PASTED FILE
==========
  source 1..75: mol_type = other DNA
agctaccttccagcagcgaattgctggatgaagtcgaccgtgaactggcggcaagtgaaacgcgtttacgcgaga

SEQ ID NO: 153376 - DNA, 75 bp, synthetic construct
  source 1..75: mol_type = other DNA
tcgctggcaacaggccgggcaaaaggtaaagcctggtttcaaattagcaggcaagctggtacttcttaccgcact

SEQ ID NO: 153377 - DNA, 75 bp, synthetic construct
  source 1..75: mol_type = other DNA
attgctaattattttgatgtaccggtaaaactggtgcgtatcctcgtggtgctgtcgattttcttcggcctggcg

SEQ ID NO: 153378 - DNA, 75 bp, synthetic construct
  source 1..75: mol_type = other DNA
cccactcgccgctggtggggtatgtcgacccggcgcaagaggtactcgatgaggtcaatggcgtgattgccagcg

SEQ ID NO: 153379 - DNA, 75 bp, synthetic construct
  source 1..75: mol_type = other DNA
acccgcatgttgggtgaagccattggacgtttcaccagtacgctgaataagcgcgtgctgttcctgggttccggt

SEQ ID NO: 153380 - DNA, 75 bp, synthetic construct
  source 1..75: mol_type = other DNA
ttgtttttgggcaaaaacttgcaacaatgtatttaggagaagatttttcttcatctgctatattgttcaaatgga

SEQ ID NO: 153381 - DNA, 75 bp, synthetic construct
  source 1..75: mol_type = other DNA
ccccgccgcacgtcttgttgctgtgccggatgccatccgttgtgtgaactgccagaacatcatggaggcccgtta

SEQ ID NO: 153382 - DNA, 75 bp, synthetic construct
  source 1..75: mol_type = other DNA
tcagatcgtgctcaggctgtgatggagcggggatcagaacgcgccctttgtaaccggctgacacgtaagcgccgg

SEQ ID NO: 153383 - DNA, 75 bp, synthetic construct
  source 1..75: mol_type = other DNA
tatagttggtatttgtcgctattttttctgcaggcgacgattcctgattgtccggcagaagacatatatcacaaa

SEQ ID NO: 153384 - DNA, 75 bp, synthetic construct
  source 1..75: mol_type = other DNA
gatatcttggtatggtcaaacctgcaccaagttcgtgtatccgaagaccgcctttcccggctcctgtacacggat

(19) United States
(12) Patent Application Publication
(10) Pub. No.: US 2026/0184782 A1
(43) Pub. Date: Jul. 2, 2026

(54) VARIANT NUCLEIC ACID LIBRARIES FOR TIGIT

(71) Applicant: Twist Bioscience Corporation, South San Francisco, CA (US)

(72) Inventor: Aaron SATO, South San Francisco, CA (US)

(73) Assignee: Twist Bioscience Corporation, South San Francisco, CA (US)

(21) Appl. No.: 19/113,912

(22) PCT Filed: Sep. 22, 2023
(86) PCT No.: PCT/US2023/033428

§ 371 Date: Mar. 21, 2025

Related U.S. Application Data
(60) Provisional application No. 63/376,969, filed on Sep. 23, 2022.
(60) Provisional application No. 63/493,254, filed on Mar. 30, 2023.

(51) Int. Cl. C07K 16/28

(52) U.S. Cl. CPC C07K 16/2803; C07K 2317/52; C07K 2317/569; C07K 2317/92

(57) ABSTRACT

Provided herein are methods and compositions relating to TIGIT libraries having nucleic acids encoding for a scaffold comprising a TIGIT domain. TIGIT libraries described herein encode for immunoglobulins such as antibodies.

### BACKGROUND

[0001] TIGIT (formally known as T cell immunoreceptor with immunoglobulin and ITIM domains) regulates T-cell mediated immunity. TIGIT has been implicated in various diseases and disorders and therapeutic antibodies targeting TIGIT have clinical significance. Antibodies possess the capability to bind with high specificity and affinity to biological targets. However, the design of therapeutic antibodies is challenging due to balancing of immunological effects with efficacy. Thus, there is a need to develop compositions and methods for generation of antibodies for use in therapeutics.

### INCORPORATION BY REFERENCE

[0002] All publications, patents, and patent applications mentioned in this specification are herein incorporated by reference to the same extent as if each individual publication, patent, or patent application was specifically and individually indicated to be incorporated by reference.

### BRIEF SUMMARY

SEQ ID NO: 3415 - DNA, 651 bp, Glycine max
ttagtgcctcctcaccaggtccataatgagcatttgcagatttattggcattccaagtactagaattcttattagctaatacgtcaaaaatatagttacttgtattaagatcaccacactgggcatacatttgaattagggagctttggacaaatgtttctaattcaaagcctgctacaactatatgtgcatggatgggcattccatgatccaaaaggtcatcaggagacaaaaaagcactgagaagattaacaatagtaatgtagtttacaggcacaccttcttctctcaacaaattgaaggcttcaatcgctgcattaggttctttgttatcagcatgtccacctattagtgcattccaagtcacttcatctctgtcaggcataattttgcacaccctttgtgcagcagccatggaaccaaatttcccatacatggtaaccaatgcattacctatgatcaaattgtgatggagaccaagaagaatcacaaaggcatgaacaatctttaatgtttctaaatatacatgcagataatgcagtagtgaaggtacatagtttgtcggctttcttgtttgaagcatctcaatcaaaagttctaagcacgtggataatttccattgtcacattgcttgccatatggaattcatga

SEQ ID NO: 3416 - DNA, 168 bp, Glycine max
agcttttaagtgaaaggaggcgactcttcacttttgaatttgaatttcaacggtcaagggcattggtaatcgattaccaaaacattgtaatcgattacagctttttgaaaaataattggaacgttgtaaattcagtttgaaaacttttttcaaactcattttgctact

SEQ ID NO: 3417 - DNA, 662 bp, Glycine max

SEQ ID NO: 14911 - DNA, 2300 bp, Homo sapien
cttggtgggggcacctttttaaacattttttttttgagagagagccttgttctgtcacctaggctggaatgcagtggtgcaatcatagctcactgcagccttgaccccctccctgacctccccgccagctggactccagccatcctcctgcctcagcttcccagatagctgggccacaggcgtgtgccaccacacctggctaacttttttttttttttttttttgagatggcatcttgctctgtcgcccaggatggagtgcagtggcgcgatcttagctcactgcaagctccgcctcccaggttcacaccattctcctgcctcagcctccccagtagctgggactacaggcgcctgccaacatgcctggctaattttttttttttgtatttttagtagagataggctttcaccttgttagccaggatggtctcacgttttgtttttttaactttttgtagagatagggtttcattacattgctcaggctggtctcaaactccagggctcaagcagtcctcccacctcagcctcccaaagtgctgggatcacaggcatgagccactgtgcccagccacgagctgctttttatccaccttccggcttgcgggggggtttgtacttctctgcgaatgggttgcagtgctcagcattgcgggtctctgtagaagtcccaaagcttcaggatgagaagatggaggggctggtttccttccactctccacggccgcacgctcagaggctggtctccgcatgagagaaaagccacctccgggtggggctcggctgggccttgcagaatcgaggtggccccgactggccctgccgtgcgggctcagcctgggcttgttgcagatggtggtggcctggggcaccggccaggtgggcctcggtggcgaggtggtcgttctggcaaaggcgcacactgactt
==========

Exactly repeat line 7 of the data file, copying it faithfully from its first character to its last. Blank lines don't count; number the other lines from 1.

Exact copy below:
  source 1..75: mol_type = other DNA